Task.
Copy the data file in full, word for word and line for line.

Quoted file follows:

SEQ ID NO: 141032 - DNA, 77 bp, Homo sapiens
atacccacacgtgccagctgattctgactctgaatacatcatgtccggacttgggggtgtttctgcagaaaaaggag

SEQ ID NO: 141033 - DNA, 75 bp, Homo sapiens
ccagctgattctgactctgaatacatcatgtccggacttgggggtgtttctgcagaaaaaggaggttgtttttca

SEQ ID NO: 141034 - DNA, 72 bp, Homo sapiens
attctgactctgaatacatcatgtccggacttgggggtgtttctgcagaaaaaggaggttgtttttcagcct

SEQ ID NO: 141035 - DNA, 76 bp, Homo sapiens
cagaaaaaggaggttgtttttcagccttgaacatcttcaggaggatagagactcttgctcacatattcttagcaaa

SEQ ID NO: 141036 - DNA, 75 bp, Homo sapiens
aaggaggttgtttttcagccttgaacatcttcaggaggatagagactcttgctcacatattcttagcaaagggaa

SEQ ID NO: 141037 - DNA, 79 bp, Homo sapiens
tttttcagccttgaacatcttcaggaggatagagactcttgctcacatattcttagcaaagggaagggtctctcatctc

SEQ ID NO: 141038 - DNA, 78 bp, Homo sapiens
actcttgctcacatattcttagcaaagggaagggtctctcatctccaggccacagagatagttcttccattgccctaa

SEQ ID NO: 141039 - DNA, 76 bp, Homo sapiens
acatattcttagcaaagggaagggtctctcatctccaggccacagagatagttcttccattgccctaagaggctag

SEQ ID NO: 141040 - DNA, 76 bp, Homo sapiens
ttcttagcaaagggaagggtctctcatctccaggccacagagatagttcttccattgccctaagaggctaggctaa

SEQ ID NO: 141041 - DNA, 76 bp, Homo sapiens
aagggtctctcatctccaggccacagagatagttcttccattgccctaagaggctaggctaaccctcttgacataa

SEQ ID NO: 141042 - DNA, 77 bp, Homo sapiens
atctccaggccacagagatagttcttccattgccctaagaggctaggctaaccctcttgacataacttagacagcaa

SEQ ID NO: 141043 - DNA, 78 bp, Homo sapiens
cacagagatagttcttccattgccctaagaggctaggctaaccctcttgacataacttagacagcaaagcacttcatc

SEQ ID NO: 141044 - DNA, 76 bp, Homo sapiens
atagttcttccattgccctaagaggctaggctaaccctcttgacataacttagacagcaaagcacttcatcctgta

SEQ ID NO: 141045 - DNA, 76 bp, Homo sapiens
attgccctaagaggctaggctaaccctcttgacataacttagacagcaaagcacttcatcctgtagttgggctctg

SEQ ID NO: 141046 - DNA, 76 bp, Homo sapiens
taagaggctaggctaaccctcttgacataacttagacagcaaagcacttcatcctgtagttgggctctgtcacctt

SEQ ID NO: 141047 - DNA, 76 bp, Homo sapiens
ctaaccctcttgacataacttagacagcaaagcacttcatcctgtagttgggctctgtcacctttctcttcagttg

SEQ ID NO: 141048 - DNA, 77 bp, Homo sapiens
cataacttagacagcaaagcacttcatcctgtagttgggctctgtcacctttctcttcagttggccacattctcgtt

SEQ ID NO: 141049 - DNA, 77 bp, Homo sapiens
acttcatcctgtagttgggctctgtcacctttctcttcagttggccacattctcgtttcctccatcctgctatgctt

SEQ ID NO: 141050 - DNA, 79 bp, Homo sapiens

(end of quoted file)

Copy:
SEQ ID NO: 141032 - DNA, 77 bp, Homo sapiens
atacccacacgtgccagctgattctgactctgaatacatcatgtccggacttgggggtgtttctgcagaaaaaggag

SEQ ID NO: 141033 - DNA, 75 bp, Homo sapiens
ccagctgattctgactctgaatacatcatgtccggacttgggggtgtttctgcagaaaaaggaggttgtttttca

SEQ ID NO: 141034 - DNA, 72 bp, Homo sapiens
attctgactctgaatacatcatgtccggacttgggggtgtttctgcagaaaaaggaggttgtttttcagcct

SEQ ID NO: 141035 - DNA, 76 bp, Homo sapiens
cagaaaaaggaggttgtttttcagccttgaacatcttcaggaggatagagactcttgctcacatattcttagcaaa

SEQ ID NO: 141036 - DNA, 75 bp, Homo sapiens
aaggaggttgtttttcagccttgaacatcttcaggaggatagagactcttgctcacatattcttagcaaagggaa

SEQ ID NO: 141037 - DNA, 79 bp, Homo sapiens
tttttcagccttgaacatcttcaggaggatagagactcttgctcacatattcttagcaaagggaagggtctctcatctc

SEQ ID NO: 141038 - DNA, 78 bp, Homo sapiens
actcttgctcacatattcttagcaaagggaagggtctctcatctccaggccacagagatagttcttccattgccctaa

SEQ ID NO: 141039 - DNA, 76 bp, Homo sapiens
acatattcttagcaaagggaagggtctctcatctccaggccacagagatagttcttccattgccctaagaggctag

SEQ ID NO: 141040 - DNA, 76 bp, Homo sapiens
ttcttagcaaagggaagggtctctcatctccaggccacagagatagttcttccattgccctaagaggctaggctaa

SEQ ID NO: 141041 - DNA, 76 bp, Homo sapiens
aagggtctctcatctccaggccacagagatagttcttccattgccctaagaggctaggctaaccctcttgacataa

SEQ ID NO: 141042 - DNA, 77 bp, Homo sapiens
atctccaggccacagagatagttcttccattgccctaagaggctaggctaaccctcttgacataacttagacagcaa

SEQ ID NO: 141043 - DNA, 78 bp, Homo sapiens
cacagagatagttcttccattgccctaagaggctaggctaaccctcttgacataacttagacagcaaagcacttcatc

SEQ ID NO: 141044 - DNA, 76 bp, Homo sapiens
atagttcttccattgccctaagaggctaggctaaccctcttgacataacttagacagcaaagcacttcatcctgta

SEQ ID NO: 141045 - DNA, 76 bp, Homo sapiens
attgccctaagaggctaggctaaccctcttgacataacttagacagcaaagcacttcatcctgtagttgggctctg

SEQ ID NO: 141046 - DNA, 76 bp, Homo sapiens
taagaggctaggctaaccctcttgacataacttagacagcaaagcacttcatcctgtagttgggctctgtcacctt

SEQ ID NO: 141047 - DNA, 76 bp, Homo sapiens
ctaaccctcttgacataacttagacagcaaagcacttcatcctgtagttgggctctgtcacctttctcttcagttg

SEQ ID NO: 141048 - DNA, 77 bp, Homo sapiens
cataacttagacagcaaagcacttcatcctgtagttgggctctgtcacctttctcttcagttggccacattctcgtt

SEQ ID NO: 141049 - DNA, 77 bp, Homo sapiens
acttcatcctgtagttgggctctgtcacctttctcttcagttggccacattctcgtttcctccatcctgctatgctt

SEQ ID NO: 141050 - DNA, 79 bp, Homo sapiens